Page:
Reynebeau Upholstery & Auto Trim in Appleton was started in 1931 by Edmund Reynebeau, Robert’s father, and is owned today by Adam Stuyvenberg, a long-time employee. When the business began, the elder Reynebeau was doing 90 percent furniture work and the occasional tractor seat, Robert shared with a chuckle. Today, it’s about 35 percent furniture and 65 percent auto upholstery work on vehicles from 1910 to present day. The business also has done work on airplanes. There is, however, a misconception that upholsterers who do automobile work don’t know how to do furniture repair, Robert says. In fact, he notes it’s almost the opposite based on his experience. Today, after 40 years in the business, Robert works part time.

“It takes so much patience and time to do a project properly,” he notes.

Solid wood holds up better than thin veneer that will eventually fall apart, says Robert. He also sees furniture constructed with cardboard and plastic frames that will last maybe three to five years, and has already taken furniture down to the bare frame and rebuilt it while correcting problems along the way.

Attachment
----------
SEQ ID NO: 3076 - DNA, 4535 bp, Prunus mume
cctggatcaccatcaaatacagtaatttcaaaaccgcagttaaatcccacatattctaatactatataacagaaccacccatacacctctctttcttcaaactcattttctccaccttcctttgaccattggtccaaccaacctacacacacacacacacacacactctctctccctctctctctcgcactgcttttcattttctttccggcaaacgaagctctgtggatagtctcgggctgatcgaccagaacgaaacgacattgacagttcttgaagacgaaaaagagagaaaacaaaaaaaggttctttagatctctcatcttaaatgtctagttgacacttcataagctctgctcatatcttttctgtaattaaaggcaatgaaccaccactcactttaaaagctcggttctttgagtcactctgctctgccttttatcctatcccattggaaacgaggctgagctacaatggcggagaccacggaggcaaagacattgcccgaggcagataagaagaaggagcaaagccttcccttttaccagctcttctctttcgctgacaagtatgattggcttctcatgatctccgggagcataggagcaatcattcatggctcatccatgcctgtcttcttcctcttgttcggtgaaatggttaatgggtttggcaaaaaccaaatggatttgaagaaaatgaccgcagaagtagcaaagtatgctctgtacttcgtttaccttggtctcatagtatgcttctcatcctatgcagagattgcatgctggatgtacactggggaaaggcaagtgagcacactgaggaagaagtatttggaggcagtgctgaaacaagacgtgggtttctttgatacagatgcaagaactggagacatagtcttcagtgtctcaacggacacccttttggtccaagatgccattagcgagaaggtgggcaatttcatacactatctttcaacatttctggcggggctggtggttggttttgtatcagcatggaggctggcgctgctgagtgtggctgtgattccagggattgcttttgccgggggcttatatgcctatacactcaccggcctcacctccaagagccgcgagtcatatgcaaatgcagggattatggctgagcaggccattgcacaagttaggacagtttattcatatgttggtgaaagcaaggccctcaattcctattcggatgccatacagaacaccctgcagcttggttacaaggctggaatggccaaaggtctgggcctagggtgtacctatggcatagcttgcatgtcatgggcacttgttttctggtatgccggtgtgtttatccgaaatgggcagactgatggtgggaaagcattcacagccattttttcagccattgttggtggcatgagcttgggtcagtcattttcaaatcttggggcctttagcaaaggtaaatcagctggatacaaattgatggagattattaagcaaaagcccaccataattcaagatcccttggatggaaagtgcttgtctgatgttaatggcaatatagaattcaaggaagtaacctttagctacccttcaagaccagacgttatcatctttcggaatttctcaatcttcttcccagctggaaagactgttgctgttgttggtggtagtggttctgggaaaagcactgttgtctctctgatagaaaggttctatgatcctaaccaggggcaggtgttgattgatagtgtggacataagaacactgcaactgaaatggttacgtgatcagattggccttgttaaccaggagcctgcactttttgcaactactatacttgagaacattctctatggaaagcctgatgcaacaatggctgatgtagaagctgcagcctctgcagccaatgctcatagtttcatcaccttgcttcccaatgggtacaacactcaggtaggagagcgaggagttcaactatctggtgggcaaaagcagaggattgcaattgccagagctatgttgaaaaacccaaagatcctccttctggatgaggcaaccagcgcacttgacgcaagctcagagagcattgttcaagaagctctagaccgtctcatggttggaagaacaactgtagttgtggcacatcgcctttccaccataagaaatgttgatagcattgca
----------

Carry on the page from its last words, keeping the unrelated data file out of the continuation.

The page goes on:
“It has to be something you like,” offers Robert. “But, now they have a quality piece of furniture that will last.”

Mark Pfister, owner of The Restoration in Menasha, echoes this sentiment. He notes that today’s tabletops, for examples, don’t hold up to long-term use because woods are no longer nurtured like they once were.

“The important thing is that they like it and it could go back three to four generations,” he says of pieces that come into his shop. “It’s not the kind of business that everyone would have the same interest in. … When it’s sentimental, it means more to me when I’m working on it.”